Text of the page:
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The Top 5 in April; ICD-10 Delay, Health IT Deadlines

May 3, 2012
by Healthcare Informatics Editors
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The hot topics in April were ICD-10 and the wave of healthcare IT regulatory deadlines

The Center for Medicare and Medicaid’s (CMS) decision to delay the compliance date for the transition to the ICD-10 coding set by one year continues to reverberate throughout the industry. The topic was a popular one in the month of April for HCI readers, who continued to try and make sense of the delay and what the delay means for providers, payers, and all other impacted stakeholders. The multiple healthcare IT related deadlines stemming from the Affordable Care Act (ACA) and the American Recovery and Reinvestment Act/Health Information Technology for Economic and Clinical Health (HITECH) Act was also a hot-button issue for HCI readers in April.

Those were just two of the top five stories from the month. Here’s the complete list:

1)      The Different ICD-10 Delay Scenarios

Before the CMS made the decision to delay the compliance date for the transition to ICD-10 by one year (from Oct. 1, 2013 to Oct. 1, 2014), most in the healthcare industry weren’t sure how long it would be. In this article, HCI Assistant Editor Gabriel Perna talks with Deloitte’s Dave Biel, on how the different delay possibilities could have made things a lot different for providers, payers, and others in the industry. While some argue over whether or not the delay should have occurred altogether, others were just trying to figure out what it all meant.  

2)      INDUSTRY-EXCLUSIVE REPORT: Looking at an Avalanche of Deadlines and Timelines in Healthcare

In an HCI exclusive, Editor-in-Chief Mark Hagland speaks with Erica Drazen, Sc.D., the now-retired partner in the Waltham, Mass.-based Global Institute for Emerging Healthcare Practices at the Falls Church, Va.-based CSC, about a pair of charts she and her colleagues have developed, which lay out the various deadlines health IT leaders are facing over the coming years. The visualization of these deadlines, from the ACA and HITECH, shows how complex everything will be for hospitals and physicians.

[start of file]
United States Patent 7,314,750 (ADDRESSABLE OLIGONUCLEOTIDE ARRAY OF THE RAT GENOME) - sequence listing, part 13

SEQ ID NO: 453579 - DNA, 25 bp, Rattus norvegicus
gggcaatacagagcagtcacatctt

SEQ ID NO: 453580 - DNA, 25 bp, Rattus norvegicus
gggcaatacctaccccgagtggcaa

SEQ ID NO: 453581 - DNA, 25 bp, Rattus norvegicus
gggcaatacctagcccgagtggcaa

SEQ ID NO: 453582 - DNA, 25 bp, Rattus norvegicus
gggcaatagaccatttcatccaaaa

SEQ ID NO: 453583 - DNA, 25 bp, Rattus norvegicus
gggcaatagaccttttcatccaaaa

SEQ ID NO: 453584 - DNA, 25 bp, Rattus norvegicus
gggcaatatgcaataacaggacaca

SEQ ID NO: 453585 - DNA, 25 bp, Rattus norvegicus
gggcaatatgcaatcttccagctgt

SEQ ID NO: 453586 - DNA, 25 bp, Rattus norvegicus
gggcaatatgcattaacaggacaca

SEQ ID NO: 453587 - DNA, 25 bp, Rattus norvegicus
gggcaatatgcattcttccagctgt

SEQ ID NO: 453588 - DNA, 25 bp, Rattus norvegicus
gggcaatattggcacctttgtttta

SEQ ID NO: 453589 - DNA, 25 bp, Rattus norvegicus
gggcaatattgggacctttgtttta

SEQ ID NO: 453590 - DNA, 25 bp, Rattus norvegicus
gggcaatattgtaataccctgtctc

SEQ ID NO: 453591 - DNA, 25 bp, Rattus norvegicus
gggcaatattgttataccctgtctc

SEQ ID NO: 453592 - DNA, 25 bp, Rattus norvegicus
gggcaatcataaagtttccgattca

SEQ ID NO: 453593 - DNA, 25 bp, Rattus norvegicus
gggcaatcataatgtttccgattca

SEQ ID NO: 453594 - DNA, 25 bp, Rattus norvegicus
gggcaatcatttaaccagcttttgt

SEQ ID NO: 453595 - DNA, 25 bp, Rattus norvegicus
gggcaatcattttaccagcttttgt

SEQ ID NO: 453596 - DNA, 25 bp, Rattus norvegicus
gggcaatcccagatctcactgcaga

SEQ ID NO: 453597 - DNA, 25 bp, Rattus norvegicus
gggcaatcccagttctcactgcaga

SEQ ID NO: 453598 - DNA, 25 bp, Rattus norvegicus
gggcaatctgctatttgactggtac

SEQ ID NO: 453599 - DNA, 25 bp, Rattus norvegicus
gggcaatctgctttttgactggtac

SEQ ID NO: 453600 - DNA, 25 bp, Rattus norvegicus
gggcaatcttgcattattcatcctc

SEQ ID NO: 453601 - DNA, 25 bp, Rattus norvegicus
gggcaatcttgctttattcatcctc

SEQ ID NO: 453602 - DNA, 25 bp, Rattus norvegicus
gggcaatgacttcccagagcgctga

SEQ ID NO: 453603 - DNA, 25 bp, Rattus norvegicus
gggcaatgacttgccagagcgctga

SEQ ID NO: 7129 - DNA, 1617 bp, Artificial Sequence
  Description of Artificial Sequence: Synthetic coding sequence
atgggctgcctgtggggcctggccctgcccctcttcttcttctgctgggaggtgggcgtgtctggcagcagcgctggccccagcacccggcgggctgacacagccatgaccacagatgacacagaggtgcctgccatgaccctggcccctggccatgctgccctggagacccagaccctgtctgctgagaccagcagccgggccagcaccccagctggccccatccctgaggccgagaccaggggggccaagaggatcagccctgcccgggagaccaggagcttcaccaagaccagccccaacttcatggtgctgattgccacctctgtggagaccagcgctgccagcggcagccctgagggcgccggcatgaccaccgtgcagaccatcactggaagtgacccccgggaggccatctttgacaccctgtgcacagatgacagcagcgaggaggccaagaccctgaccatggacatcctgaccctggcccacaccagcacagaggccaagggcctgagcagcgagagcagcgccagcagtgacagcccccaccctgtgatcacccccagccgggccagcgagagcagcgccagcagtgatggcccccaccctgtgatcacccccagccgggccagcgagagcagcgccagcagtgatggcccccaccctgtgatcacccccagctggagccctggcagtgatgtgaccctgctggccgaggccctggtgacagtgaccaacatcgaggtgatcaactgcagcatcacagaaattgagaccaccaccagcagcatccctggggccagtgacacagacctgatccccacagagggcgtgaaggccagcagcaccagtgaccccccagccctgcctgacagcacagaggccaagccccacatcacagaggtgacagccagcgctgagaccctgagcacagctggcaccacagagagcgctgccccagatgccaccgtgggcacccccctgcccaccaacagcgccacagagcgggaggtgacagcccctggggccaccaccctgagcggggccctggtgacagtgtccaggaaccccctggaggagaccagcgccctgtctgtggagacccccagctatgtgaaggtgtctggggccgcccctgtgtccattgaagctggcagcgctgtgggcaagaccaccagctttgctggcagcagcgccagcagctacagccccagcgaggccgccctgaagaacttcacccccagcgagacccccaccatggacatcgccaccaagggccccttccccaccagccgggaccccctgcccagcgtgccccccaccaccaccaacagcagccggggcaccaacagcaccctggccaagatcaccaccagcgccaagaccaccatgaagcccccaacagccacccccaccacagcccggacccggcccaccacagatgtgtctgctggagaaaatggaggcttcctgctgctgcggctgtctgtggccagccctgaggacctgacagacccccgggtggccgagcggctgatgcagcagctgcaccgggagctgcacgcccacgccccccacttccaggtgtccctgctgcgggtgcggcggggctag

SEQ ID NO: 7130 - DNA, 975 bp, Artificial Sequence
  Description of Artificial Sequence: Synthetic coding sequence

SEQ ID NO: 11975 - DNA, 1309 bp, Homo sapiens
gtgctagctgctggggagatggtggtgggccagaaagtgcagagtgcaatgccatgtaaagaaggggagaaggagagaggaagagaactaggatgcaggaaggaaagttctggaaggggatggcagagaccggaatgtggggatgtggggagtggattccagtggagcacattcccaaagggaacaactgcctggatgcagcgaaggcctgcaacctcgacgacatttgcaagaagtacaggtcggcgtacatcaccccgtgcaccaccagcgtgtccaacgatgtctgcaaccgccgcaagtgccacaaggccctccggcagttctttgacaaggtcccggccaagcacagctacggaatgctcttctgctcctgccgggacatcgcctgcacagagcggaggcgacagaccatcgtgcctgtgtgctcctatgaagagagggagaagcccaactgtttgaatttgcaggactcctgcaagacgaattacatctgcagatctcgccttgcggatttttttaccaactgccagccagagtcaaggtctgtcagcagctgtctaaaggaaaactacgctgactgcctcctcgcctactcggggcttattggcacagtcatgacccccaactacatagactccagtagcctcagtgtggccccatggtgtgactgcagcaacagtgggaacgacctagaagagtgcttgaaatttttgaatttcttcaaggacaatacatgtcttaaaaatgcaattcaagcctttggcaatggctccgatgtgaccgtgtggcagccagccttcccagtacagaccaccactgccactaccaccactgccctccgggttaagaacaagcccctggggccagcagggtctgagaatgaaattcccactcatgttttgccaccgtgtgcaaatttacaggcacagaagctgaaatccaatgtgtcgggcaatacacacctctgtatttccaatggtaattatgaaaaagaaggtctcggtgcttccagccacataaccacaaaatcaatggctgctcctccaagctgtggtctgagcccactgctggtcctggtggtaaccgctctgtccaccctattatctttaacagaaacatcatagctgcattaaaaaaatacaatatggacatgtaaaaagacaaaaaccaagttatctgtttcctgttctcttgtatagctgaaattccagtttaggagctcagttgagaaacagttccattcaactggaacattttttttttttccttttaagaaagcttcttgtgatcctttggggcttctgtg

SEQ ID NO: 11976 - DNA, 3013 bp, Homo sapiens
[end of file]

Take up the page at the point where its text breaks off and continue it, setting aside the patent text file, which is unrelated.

3)      Is There Such Thing As Interview Foreplay

HCI blogger Gwen Darling offers an interesting look into why she thinks that when a healthcare IT executive is to hire a big executive, they should provide “interview foreplay” with women candidates and talk them up. Using the book "Men Are From Mars, Women Are From Venus” as an example, she describes how men like a no-nonsense approach in interviews, while women like to have more of a connection.

4)      The “Deep Dark Secret” around Data Analytics that Bobbie Byrne Knows

Even though everyone knows data analytics/business intelligence will be an absolute key to the future of healthcare, there is a level of confusion around them these days. In this blog, Hagland talks with Bobbie Byrne, M.D., CIO Edward Hospital and Health Services in Naperville, Ill., who will be a panelist in the session, “Beyond the Data Warehouse: Strategizing the Use and Analysis of Clinical data for Meaningful Use,” along with George Reynolds, M.D., Rick Schooler, and Pat Skarulis, at the Healthcare Informatics Executive Summit, about the challenges with moving toward the new world of analytics.

5)      Unifying a Patient-Centered Medical Home

This feature in April’s HCI issue from Associate Editor Jennifer Prestigiacomo looked at the Adirondack Region Medical Home Pilot Program, founded by community leaders in upstate New York where an aging population of primary care providers is leaving the workforce faster than new PCPs can be recruited. The program was created to increase emphasis on primary, preventive, and chronic care, as well as improving patient communication. The journey of how Adirondack came to be a patient-centered medical home (PCMH) is explored.